HARTFORD, Conn. (Legal Newsline) - Connecticut Attorney General Richard Blumenthal, in a letter to U.S. Federal Reserve Chairman Ben Bernanke, called the Fed's draft credit card rules "woefully" inadequate and called for changes.
Blumenthal wants the Fed to compel rollbacks of massive interest rate increases on credit-worthy consumers.
"The board's aversion to consumer protection is most clearly evidenced by its failure to fight interest rate increases that credit card issuers unfairly and arbitrarily imposed on consumers - even some of their best customers who fully honored their credit card agreements," Blumenthal said in the letter.
Blumenthal's letter also reiterated his request that card issuers reverse all arbitrary rate increases since Jan. 1 for creditworthy consumers.
"Once again, the Federal Reserve Board has chosen to protect the interests of Wall Street bankers at the expense of Main Street consumers - putting concerns for bank 'safety and soundness' ahead of consumer protection," Blumenthal said.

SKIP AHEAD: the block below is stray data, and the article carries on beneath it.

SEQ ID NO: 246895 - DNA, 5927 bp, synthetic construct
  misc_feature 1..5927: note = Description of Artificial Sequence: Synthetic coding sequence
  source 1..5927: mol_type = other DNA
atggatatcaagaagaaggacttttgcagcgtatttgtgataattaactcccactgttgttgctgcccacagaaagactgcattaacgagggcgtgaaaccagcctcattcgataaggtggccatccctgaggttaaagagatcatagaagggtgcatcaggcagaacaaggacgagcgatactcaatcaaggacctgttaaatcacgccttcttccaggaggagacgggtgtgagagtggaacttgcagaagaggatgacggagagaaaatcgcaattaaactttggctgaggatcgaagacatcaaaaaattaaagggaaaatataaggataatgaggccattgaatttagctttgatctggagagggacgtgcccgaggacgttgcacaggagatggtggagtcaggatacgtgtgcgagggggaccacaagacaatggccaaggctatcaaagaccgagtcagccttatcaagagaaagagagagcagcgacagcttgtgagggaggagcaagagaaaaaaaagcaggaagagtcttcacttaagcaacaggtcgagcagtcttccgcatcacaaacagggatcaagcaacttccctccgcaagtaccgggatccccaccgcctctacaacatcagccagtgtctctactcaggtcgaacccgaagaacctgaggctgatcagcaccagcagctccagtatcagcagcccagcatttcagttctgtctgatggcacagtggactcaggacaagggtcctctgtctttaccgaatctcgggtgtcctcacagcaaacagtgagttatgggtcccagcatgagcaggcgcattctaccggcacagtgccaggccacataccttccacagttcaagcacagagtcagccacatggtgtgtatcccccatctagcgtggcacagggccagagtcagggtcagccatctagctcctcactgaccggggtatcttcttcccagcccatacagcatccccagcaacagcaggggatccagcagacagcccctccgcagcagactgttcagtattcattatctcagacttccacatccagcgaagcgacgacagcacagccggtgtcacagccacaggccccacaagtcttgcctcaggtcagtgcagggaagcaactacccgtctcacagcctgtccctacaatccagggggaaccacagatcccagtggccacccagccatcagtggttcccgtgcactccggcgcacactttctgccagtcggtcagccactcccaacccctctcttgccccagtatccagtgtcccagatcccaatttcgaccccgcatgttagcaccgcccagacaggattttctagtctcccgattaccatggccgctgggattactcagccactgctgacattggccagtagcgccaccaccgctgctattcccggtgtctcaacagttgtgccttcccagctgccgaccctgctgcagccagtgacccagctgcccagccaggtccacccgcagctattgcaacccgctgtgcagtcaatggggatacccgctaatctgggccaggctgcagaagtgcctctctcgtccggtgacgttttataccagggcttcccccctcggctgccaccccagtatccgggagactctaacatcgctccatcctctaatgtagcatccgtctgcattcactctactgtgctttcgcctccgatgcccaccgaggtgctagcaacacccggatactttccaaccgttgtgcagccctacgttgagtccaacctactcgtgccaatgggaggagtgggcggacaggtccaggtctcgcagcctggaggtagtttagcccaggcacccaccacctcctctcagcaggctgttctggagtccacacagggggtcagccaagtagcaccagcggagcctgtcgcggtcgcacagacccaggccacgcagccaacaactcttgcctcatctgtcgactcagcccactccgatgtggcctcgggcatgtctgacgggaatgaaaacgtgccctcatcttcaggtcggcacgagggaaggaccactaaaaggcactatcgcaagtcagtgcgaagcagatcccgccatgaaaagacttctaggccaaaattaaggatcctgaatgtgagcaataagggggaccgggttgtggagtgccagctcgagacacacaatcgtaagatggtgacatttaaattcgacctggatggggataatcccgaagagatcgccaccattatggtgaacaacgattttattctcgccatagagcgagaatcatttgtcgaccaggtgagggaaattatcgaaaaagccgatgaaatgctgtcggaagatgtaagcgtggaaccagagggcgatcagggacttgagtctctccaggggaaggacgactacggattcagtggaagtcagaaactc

The CARD Act was passed by Congress in May 2009, though key provisions did not go into effect until Feb. 22. In the interim, card issuers raised some interest rates as high as 30 percent on consumers, many of whom never missed a payment, Blumenthal said.
This is the third time since December that Blumenthal has written the Fed to note that the CARD Act compels issuers to roll back arbitrary increases during the interim and to urge the Fed to write rules compelling decreases.
The Fed's draft rules, Blumenthal said, fail to compel rollbacks by allowing issuers to set their own standards for interest rate reviews that are required by law.
Blumenthal is running for U.S. Senate.